Attracting and retaining talented nurses creates an ongoing challenge for nurse recruiters and HR professionals, especially during a nursing shortage.
Pulling out all the stops to stay ahead of the game and remain fully staffed is essential. One strategy for you to remain competitive when recruiting and working to increase retention rates is by updating salaries with a market adjustment.
What is a market adjustment?
Market adjustments are specific to compensation and are a means to reflect where current employees are with regards to salary, relative to what the market is paying for the same occupation, said David Twitchell, a member of the Society of Human Resource Management’s Special Expertise Panel and vice president of human resources at Catholic Charities in Manchester, N.H.
“Typically, the market reflects an average of salaries based on a number of institutions being surveyed in that market,” he said. “Questions for recruiters to consider include, ‘Are we behind the market, on market or leading the market?’”
In addition to general recruiting and decreasing overall turnover, a market adjustment can help when you hire and work to retain specialty nurses.
“In some parts of the country, some employers and hospitals in particular hit the panic mode when specialized nurses with decades of experience leave, especially from areas such as the ER, OR and ICU,” said Joanne Spetz, PhD, professor at the Philip R. Lee Institute for Health Policy Studies at the University of California, San Francisco.
When seasoned nurses leave, you might want to fill those positions with other nurses with lots of experience.
“During a shortage, some recruiters will offer hiring and retention bonuses, along with pay increases,” Spetz said. “This is where market adjustments come into play and recruiters need to be aware of this.”
Routinely compare your salaries to the going rate
There are no set rules on the frequency of analyzing and implementing a market adjustment when recruiting new hires in nursing.
“Market adjustments should be considered at least annually, at a minimum,” Twitchell said. “Performing market adjustments can be done by hiring an outside consultant to survey salaries of competing institutions to determine how their pay practices compare to yours. You can also purchase surveys that have already been done to make this determination.”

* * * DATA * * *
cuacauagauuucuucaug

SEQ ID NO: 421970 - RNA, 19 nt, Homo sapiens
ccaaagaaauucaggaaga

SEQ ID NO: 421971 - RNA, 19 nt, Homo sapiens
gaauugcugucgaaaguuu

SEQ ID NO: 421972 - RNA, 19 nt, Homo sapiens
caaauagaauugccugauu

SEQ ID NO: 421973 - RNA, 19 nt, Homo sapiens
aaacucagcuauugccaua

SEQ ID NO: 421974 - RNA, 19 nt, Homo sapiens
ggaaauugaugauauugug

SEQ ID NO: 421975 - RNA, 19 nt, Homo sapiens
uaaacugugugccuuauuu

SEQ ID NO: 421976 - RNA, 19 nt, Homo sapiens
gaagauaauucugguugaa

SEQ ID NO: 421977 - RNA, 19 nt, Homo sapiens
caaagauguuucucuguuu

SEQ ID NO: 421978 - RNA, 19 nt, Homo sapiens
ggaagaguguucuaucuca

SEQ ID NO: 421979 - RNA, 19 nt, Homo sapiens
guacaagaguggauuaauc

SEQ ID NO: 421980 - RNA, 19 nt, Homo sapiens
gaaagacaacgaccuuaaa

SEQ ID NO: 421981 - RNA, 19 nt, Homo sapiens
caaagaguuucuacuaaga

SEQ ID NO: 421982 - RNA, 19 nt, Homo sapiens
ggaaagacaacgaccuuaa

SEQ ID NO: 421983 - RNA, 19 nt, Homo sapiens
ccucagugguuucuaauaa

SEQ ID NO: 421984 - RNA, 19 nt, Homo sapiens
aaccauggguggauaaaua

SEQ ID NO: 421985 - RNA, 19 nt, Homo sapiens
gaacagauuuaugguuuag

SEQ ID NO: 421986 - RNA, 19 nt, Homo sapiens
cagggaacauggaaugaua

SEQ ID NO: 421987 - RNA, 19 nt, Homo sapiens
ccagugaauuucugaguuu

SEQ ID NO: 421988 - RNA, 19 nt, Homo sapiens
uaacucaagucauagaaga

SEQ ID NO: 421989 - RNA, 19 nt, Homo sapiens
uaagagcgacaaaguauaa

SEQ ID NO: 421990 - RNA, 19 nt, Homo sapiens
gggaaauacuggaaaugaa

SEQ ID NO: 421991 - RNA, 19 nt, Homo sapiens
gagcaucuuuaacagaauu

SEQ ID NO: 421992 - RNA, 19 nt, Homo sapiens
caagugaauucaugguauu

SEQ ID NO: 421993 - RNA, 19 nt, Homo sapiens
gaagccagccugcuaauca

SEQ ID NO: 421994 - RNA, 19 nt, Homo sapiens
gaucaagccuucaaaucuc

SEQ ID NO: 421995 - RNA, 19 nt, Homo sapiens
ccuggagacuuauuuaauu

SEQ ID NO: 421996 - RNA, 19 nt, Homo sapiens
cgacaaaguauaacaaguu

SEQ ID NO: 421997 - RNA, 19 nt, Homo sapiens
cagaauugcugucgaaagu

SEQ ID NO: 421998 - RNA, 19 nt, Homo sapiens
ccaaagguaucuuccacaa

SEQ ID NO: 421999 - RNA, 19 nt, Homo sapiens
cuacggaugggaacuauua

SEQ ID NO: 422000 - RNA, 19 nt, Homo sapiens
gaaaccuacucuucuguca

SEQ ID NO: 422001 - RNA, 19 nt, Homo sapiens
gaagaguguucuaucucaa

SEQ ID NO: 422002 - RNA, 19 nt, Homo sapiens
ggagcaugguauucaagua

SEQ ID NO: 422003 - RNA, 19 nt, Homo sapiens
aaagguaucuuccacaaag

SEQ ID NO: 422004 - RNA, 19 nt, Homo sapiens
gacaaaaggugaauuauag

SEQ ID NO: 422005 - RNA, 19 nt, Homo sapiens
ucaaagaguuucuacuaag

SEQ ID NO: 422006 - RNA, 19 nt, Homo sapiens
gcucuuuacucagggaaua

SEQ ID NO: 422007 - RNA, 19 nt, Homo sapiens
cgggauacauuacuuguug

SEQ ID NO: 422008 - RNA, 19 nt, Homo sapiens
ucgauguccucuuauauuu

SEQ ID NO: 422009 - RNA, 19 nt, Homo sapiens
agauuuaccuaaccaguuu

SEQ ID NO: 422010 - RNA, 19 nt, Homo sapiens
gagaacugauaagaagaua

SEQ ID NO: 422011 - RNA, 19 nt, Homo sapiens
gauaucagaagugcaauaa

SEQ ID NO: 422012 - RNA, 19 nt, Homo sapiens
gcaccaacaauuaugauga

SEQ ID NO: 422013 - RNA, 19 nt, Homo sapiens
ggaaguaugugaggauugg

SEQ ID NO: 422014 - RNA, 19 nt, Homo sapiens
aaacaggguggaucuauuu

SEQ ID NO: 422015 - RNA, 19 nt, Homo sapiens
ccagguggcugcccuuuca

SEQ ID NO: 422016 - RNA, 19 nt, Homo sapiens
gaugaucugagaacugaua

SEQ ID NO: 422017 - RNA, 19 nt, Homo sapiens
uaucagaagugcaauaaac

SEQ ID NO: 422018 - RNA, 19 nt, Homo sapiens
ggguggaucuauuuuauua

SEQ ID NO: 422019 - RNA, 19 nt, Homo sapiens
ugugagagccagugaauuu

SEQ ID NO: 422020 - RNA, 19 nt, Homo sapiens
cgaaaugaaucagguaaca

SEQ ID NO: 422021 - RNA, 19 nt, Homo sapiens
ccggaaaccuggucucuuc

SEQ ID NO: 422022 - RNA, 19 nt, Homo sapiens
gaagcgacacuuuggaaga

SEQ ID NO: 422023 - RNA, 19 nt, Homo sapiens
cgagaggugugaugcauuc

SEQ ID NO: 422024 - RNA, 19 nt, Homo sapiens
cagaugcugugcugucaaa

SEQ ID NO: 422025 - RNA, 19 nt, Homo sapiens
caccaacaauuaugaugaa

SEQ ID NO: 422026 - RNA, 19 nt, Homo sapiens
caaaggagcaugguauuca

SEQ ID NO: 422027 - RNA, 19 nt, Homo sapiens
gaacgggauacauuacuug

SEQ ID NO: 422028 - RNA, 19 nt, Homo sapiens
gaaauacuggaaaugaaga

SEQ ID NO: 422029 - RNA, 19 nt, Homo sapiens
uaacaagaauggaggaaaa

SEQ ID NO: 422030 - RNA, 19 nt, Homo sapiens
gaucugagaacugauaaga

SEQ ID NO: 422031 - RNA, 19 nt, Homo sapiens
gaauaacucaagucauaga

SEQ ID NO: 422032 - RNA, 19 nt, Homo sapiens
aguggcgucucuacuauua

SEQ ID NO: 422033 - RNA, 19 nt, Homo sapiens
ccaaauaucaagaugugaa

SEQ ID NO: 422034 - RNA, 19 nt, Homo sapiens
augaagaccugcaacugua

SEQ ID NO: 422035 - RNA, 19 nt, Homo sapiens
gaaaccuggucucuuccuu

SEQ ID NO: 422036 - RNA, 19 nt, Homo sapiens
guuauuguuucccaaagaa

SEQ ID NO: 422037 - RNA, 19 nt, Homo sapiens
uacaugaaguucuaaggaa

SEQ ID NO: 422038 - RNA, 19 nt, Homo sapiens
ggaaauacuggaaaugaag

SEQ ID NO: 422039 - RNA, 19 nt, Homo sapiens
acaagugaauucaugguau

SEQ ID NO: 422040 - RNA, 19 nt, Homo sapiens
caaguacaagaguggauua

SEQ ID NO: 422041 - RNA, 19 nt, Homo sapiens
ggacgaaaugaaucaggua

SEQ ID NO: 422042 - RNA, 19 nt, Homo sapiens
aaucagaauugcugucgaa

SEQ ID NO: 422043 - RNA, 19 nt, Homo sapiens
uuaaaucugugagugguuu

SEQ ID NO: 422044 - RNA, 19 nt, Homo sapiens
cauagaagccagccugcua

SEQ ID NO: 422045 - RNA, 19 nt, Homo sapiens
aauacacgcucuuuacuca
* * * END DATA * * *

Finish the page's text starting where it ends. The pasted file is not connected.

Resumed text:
Examining and implementing a market adjustment for existing staff also is essential.
Trisha Zulic, SHRM-SCP, state director-elect with the California Society for Human Resource Management, said, “If you begin to lose high performers that ‘once upon a time’ loved the culture, it’s time to take a closer look and see what has changed. Also, if you’re hiring because you are desperate, you can cause a culture shift that might cause high performers to exit.”
Understanding what your market pays its nursing talent while remaining proactive to reduce your future costs is important.
“Staying on top of the market makes sense,” Spetz said. “Engaging in cost avoidance is good practice — paying out money now, can help save money later, whether paying out higher salaries, or sign-on or retention bonuses.”
When a nurse resigns, the replacement cost ranges from $40,000 to $100,000, according to Spetz, depending on that nurse’s position and the market.
“It costs time and money to post a job and recruit for a replacement, and the vacant position will likely need to be filled in the interim with registry temps or travelers,” she said.
At some point, nurses will leave — even the ones who are happy with their schedule or manager.
“That’s why exit interviews can be helpful, to ask the question, ‘Why are you leaving?’” Spetz said.
Questions recruiters should ask nurses during exit interviews include:
- Why are you leaving your position with us?
- Did you receive a sign-on bonus at your new job?
- Did you receive a better benefits package at your new job?
You might find out that you are paying your nurses less than a competitor. “Or perhaps, you may need to offer a lucrative retention bonus to remain competitive and decrease turnover,” Spetz added.
Reasons nurses leave and how to address them
While targeted use of market adjustments can increase the effectiveness of recruitment and help reduce nursing turnover, “they are not the end all, be all,” Twitchell said. “Incentives, bonuses, differentials, benefits, the work environment, autonomy and nurse-to-patient ratios are all contributing factors too.”
In addition to seeking more compensation or benefits, Spetz said, nurses often resign because they don’t like the unit’s culture or their manager. Their manager may not support their staff or offer professional growth opportunities.
“Nurses don’t like when they lose fellow staff members. When nurses resign, it can lead to more nurses resigning as a result of staff shortages,” she said. “Staff shortages create a difficult work environment and can negatively impact patient care and outcomes. Retaining staff is good for staff and patients.”
Succession planning is imperative, according to Spetz, especially for units like the OR, ER and ICU.
“One strategy to help fill specialty units with seasoned nurses is to offer these positions and additional training to the experienced bedside nurses who are already within your organization, then hire new grads for training and working on med-surg units,” he said. “Offering opportunities to your current staff can help to develop their skills while also increasing staff loyalty to the organization.”